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Quote:
Originally Posted by thylantyr View Post

I stopped myself from posting on this issue earlier
as it could open up a new can of worms. Sorry, this
will be PM conversation only

Right, only 9 posts in 4 hours

Noah
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post #983 of 1917 Old 05-23-2008, 06:26 PM
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All right Chuck! Thanks for changing the subject.

Dennis H
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post #984 of 1917 Old 05-23-2008, 09:22 PM
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Quote:
Originally Posted by noah katz View Post

Right, only 9 posts in 4 hours

I only have 1 post on that issue and technically it's 0 posts as I didn't
express my feelings. But I don't think you know what the issue is, you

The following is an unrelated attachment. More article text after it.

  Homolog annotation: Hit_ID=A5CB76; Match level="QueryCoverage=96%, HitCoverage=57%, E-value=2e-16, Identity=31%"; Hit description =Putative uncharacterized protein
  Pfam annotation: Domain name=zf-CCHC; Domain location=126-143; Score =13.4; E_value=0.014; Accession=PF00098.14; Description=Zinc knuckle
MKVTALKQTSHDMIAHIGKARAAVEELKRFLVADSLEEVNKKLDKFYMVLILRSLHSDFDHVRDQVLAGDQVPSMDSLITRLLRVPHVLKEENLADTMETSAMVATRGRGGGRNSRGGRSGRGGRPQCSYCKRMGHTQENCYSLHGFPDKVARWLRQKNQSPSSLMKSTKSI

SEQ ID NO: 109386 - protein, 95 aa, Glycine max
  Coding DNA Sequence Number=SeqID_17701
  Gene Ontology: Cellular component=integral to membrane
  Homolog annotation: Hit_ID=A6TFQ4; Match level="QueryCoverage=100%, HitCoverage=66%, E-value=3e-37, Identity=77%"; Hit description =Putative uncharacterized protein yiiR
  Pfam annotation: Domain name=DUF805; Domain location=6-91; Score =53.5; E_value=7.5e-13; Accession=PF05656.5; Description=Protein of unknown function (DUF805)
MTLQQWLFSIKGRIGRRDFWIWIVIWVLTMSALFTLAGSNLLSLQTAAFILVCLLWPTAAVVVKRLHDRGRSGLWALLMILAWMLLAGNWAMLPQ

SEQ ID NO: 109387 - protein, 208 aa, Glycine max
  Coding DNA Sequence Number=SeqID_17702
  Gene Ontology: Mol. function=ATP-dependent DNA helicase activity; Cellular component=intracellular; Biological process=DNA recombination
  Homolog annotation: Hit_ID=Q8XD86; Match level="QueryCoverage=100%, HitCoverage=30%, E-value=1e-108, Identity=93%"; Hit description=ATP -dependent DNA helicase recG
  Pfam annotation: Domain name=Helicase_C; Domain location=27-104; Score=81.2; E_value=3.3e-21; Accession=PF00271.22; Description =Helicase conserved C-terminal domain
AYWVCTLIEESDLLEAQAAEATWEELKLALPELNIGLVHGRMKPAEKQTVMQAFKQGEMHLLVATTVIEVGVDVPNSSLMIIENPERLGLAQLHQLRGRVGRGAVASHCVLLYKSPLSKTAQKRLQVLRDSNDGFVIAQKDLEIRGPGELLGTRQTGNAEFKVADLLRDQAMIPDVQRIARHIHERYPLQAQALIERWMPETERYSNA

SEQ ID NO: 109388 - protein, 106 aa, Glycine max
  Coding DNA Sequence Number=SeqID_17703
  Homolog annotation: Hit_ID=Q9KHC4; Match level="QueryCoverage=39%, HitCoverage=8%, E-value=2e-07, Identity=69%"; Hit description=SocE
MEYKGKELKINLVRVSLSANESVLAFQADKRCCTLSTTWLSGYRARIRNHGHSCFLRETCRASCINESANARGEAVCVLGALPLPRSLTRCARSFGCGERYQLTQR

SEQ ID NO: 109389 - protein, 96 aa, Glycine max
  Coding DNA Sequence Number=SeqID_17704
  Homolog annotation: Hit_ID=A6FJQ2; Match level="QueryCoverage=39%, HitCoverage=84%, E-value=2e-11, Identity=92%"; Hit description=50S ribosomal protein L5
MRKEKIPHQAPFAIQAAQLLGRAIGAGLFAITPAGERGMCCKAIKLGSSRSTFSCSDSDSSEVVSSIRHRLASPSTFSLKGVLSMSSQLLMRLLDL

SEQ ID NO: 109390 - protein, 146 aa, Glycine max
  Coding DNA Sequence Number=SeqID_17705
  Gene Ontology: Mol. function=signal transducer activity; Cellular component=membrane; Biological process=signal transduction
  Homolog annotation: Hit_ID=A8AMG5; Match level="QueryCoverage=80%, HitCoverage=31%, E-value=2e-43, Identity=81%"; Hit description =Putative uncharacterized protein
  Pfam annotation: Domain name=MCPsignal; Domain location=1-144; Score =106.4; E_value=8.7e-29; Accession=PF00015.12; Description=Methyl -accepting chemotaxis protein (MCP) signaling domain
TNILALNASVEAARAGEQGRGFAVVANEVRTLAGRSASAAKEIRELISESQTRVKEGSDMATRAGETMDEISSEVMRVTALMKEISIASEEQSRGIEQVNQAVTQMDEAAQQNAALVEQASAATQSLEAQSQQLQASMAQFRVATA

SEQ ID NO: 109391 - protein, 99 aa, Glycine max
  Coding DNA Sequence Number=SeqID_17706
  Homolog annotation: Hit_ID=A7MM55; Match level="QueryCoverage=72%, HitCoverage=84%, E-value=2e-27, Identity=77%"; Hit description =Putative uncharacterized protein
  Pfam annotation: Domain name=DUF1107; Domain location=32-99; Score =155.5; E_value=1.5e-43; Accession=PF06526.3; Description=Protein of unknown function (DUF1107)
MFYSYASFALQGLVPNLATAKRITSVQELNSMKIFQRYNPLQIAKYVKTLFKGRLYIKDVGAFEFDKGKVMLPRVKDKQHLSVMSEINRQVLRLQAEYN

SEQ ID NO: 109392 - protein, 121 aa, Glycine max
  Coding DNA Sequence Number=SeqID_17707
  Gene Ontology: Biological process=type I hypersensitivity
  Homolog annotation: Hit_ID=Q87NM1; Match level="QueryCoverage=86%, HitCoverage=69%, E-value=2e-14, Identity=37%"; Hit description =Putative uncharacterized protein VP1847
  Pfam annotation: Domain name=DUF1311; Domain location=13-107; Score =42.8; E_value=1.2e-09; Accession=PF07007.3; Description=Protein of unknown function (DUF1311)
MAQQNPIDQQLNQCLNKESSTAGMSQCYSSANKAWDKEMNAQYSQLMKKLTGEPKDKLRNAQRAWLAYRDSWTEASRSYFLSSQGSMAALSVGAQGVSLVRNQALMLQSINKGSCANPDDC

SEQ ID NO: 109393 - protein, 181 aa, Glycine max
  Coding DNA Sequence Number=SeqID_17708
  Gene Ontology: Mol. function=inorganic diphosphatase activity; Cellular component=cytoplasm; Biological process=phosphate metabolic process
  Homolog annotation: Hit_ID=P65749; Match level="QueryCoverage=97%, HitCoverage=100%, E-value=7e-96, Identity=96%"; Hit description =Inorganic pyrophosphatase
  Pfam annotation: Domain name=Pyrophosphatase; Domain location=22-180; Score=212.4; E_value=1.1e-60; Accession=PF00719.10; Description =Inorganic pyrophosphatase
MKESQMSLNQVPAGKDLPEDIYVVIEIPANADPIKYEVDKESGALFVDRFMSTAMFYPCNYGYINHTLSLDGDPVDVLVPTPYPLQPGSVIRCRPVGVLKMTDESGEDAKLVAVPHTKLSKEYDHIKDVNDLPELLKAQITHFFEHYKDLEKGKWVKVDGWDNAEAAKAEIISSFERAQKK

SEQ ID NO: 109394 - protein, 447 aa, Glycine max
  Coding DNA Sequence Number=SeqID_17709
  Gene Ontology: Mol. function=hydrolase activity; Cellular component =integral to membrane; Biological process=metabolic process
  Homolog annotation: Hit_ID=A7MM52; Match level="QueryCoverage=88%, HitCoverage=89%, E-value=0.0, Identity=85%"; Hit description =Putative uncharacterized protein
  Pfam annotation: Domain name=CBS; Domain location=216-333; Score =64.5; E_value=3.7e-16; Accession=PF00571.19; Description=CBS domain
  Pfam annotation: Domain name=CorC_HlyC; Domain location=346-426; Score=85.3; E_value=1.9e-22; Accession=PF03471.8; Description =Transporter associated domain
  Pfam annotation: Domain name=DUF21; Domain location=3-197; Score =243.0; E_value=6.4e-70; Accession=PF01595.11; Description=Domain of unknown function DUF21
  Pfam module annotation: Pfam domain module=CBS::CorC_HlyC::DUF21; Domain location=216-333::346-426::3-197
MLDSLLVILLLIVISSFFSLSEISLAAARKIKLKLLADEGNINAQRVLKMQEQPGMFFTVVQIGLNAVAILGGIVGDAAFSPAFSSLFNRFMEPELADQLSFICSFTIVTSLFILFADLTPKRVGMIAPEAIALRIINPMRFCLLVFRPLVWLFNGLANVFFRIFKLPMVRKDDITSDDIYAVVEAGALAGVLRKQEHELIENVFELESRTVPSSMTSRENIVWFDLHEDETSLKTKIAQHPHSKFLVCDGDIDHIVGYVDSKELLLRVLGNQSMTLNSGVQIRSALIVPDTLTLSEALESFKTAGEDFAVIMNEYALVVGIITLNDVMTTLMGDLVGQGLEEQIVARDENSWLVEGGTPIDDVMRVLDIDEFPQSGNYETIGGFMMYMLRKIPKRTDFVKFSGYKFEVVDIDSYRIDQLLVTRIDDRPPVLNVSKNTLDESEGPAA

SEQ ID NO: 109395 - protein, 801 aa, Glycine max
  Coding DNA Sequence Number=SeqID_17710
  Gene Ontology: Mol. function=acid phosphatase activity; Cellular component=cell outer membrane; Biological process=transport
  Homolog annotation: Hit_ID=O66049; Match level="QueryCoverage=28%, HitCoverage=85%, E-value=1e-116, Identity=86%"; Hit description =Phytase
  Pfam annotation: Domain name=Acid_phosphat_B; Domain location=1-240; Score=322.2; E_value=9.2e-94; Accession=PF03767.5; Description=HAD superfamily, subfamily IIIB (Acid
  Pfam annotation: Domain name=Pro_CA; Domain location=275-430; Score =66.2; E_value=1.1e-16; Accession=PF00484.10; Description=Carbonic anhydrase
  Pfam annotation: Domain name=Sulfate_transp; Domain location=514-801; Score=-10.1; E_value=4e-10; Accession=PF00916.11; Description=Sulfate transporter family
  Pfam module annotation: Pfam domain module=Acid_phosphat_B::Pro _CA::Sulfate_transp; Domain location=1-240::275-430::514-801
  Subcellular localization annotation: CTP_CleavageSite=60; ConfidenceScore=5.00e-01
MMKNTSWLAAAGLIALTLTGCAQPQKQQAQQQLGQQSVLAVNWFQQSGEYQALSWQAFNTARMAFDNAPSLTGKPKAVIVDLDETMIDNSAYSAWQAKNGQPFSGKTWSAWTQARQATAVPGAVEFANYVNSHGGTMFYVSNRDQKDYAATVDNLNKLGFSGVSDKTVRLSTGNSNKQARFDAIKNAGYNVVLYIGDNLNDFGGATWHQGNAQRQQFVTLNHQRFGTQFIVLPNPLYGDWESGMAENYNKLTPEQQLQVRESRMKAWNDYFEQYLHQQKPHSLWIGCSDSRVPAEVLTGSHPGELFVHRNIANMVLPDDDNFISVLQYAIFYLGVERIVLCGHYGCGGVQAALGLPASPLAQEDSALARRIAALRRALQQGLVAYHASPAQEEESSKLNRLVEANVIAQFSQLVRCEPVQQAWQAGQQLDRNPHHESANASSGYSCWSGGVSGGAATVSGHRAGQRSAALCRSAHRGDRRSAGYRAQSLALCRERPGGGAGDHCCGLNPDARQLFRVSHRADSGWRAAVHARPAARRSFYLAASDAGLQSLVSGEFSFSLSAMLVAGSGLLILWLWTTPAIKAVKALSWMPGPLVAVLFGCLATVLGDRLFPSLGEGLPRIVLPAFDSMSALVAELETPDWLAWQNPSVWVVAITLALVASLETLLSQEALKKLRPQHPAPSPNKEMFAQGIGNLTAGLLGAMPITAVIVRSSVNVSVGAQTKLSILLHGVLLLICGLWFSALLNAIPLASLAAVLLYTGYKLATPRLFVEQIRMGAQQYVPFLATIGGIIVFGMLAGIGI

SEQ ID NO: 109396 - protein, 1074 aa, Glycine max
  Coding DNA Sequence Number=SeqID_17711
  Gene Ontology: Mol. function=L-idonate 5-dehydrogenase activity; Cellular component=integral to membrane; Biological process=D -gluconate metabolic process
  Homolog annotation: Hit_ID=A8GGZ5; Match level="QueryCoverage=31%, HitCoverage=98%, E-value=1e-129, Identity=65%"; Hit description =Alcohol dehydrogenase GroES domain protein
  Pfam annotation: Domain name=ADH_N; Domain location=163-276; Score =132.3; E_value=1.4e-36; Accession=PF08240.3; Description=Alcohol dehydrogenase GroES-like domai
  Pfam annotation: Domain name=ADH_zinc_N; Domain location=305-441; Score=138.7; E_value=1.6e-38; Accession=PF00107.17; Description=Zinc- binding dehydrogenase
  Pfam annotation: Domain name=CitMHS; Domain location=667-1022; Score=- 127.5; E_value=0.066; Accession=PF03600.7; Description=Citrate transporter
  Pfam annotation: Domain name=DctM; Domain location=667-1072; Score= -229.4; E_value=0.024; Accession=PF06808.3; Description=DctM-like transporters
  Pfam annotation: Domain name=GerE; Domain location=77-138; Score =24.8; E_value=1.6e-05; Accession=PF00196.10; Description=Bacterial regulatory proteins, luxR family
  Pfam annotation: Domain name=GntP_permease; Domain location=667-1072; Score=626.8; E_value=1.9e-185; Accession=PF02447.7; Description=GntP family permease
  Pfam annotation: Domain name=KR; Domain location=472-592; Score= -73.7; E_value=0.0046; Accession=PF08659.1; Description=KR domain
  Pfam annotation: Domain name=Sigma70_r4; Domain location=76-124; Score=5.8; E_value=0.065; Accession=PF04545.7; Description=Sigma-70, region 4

have to read the whole thread to keep up



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post #985 of 1917 Old 05-23-2008, 09:31 PM
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Chuck,
try REW. It's a very cool measurement tool, and FREE.


Regards,
Dan
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post #986 of 1917 Old 05-24-2008, 04:25 AM
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Quote:


Commentary:
All in all for $100 this is a pretty good unit. The frequency response is flat +-0.5dB, the filters do what they say they will, S/N ratio is quite good, and the price is right!